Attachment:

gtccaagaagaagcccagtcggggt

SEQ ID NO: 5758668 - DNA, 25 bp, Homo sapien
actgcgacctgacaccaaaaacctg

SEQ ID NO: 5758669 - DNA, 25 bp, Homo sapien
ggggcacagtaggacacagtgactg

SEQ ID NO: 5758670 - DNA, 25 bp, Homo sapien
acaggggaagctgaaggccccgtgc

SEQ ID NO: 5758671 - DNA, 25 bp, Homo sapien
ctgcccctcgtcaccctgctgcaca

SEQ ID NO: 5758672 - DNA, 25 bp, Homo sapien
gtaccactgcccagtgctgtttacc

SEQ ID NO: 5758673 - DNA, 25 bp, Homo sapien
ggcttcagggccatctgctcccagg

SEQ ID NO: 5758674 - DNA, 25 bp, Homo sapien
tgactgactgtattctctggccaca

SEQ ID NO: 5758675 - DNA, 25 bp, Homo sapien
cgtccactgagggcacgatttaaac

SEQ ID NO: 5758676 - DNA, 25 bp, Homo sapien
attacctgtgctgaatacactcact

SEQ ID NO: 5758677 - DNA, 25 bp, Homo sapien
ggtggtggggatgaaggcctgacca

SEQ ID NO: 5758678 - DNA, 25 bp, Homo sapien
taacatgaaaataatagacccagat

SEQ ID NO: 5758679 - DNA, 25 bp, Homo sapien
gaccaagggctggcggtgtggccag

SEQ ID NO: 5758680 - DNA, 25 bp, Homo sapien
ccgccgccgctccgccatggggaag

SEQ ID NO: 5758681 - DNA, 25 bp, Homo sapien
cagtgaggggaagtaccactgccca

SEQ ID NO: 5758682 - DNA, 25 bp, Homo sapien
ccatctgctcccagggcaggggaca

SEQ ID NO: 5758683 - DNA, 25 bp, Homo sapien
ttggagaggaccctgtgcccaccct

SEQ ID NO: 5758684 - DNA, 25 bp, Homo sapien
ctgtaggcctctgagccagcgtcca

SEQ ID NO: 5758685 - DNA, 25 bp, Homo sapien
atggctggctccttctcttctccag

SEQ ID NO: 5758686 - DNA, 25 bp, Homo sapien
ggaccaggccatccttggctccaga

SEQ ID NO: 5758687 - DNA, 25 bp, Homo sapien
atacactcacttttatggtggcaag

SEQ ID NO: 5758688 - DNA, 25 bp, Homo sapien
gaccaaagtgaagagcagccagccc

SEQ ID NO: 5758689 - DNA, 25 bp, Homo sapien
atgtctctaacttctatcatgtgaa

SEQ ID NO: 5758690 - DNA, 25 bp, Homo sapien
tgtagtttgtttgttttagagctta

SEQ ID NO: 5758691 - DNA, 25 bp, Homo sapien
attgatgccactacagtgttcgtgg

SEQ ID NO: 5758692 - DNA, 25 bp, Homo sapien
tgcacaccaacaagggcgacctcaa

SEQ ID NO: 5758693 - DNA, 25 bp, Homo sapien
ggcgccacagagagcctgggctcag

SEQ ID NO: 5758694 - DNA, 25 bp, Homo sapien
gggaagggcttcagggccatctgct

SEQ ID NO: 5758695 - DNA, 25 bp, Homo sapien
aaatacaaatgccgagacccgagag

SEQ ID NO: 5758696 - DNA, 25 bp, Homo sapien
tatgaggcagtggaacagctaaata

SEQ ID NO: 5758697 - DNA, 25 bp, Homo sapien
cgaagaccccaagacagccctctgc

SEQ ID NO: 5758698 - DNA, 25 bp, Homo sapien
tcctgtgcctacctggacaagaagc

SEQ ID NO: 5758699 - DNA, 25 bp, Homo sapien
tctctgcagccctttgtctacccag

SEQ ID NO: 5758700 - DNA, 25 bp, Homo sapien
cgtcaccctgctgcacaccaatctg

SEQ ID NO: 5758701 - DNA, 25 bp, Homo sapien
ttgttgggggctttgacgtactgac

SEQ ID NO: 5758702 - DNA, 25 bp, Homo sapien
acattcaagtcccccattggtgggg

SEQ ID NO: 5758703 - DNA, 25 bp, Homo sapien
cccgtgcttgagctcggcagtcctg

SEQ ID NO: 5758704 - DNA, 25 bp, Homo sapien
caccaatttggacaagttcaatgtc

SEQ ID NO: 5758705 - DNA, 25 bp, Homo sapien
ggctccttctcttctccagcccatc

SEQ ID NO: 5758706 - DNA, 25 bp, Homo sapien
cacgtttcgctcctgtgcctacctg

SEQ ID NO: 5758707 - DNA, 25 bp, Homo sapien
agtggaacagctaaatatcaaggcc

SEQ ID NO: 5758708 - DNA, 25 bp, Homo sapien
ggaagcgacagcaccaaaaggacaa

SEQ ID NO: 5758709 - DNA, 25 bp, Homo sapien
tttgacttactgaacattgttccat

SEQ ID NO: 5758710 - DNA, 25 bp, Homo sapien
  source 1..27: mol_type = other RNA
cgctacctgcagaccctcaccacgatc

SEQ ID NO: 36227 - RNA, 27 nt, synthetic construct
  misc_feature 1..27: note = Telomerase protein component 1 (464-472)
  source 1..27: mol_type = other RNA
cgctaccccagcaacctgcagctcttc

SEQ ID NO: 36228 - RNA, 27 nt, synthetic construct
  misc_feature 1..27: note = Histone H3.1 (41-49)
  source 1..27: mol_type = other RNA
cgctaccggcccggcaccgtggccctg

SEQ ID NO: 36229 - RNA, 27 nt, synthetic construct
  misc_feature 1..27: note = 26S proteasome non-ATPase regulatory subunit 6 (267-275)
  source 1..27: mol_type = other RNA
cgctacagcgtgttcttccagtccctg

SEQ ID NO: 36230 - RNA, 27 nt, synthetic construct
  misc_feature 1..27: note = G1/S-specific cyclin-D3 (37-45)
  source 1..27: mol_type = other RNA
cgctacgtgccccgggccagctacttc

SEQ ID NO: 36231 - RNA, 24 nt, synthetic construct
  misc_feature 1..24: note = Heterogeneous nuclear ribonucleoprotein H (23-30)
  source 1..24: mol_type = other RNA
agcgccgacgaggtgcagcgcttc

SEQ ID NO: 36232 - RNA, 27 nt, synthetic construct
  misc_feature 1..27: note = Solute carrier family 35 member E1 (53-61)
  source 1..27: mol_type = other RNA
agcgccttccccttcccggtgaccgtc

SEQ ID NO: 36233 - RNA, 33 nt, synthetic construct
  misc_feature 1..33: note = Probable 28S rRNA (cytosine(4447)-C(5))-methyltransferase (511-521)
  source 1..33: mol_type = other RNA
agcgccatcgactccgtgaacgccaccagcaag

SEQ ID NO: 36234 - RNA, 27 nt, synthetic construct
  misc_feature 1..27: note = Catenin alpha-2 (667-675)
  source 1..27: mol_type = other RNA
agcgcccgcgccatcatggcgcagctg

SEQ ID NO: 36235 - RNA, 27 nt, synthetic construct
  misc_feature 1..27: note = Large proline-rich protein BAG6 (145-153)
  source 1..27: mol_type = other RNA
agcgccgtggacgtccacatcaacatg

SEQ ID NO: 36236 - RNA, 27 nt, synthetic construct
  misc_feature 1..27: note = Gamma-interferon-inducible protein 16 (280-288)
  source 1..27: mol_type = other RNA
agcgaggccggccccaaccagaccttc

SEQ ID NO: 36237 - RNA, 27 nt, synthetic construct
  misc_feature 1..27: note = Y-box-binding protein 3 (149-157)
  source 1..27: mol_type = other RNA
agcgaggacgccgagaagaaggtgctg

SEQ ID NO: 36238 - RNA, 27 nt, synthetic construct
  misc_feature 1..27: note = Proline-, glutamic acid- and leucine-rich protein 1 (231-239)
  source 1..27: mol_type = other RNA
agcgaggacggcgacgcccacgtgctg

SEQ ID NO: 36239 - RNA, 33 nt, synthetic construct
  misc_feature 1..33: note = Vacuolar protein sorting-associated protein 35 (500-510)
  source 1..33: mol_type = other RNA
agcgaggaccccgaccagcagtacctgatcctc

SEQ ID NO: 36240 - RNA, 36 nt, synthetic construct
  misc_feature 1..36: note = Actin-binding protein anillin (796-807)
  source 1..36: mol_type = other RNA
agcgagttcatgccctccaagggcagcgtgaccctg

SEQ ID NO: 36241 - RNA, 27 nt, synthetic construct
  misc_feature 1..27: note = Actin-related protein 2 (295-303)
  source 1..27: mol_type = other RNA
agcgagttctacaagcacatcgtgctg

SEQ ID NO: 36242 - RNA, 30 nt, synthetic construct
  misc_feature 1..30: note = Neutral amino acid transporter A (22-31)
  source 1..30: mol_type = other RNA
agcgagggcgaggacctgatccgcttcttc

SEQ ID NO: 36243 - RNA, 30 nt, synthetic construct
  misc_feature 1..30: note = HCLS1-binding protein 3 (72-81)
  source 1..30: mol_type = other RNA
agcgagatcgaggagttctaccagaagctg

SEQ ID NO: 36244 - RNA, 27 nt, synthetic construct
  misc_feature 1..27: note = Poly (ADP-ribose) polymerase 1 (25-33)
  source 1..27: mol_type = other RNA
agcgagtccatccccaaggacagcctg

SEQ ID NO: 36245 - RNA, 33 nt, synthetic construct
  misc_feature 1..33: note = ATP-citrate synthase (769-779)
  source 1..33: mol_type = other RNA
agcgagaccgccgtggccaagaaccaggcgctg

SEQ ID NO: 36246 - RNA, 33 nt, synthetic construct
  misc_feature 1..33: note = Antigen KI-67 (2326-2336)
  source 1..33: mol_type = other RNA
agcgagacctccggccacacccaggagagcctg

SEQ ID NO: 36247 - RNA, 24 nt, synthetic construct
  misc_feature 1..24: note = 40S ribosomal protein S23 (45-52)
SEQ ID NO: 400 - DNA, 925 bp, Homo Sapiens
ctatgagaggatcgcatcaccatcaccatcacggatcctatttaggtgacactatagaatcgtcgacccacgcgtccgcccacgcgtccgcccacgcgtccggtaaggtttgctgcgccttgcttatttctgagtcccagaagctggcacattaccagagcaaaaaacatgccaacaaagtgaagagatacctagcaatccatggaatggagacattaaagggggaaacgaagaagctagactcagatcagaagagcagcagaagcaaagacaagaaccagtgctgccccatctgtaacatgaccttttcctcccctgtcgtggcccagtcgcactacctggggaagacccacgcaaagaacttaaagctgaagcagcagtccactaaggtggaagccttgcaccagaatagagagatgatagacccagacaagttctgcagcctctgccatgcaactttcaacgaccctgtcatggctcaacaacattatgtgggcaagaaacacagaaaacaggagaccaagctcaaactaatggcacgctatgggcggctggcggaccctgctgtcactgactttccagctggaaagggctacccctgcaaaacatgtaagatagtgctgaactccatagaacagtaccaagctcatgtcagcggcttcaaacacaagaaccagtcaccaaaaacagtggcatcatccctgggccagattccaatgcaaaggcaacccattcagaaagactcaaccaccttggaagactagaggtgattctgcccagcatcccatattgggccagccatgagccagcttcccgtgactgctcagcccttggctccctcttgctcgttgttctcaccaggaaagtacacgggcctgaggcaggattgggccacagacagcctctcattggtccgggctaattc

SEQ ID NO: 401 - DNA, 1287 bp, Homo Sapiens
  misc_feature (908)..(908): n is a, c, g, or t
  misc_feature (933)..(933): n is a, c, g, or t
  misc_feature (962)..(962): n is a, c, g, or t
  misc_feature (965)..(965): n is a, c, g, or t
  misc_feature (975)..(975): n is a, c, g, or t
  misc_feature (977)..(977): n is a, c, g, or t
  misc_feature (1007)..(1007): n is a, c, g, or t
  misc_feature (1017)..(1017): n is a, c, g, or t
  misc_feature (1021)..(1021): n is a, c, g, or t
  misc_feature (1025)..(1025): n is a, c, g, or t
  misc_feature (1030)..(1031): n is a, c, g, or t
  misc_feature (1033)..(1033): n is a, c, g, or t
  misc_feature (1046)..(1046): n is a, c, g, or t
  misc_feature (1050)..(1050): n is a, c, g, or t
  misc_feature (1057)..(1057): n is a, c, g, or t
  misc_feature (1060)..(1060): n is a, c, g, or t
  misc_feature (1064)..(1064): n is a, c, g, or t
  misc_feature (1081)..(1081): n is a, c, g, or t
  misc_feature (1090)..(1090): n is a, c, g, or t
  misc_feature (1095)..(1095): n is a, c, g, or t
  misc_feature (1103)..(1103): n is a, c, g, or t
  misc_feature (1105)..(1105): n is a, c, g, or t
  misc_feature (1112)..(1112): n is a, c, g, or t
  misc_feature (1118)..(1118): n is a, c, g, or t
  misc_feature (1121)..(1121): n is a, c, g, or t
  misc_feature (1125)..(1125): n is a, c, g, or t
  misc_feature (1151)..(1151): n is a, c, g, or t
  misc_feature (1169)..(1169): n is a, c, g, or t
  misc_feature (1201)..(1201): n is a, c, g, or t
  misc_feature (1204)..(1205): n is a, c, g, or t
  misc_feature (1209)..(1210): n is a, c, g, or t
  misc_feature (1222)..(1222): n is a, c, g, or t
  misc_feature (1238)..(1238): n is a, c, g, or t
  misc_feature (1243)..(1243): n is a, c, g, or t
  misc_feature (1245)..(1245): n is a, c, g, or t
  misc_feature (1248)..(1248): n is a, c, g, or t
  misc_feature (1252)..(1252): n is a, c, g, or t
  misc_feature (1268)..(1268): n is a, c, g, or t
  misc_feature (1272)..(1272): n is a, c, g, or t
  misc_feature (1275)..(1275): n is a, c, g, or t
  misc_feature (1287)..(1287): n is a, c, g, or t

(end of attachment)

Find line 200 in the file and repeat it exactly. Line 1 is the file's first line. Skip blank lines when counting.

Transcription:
  misc_feature (1151)..(1151): n is a, c, g, or t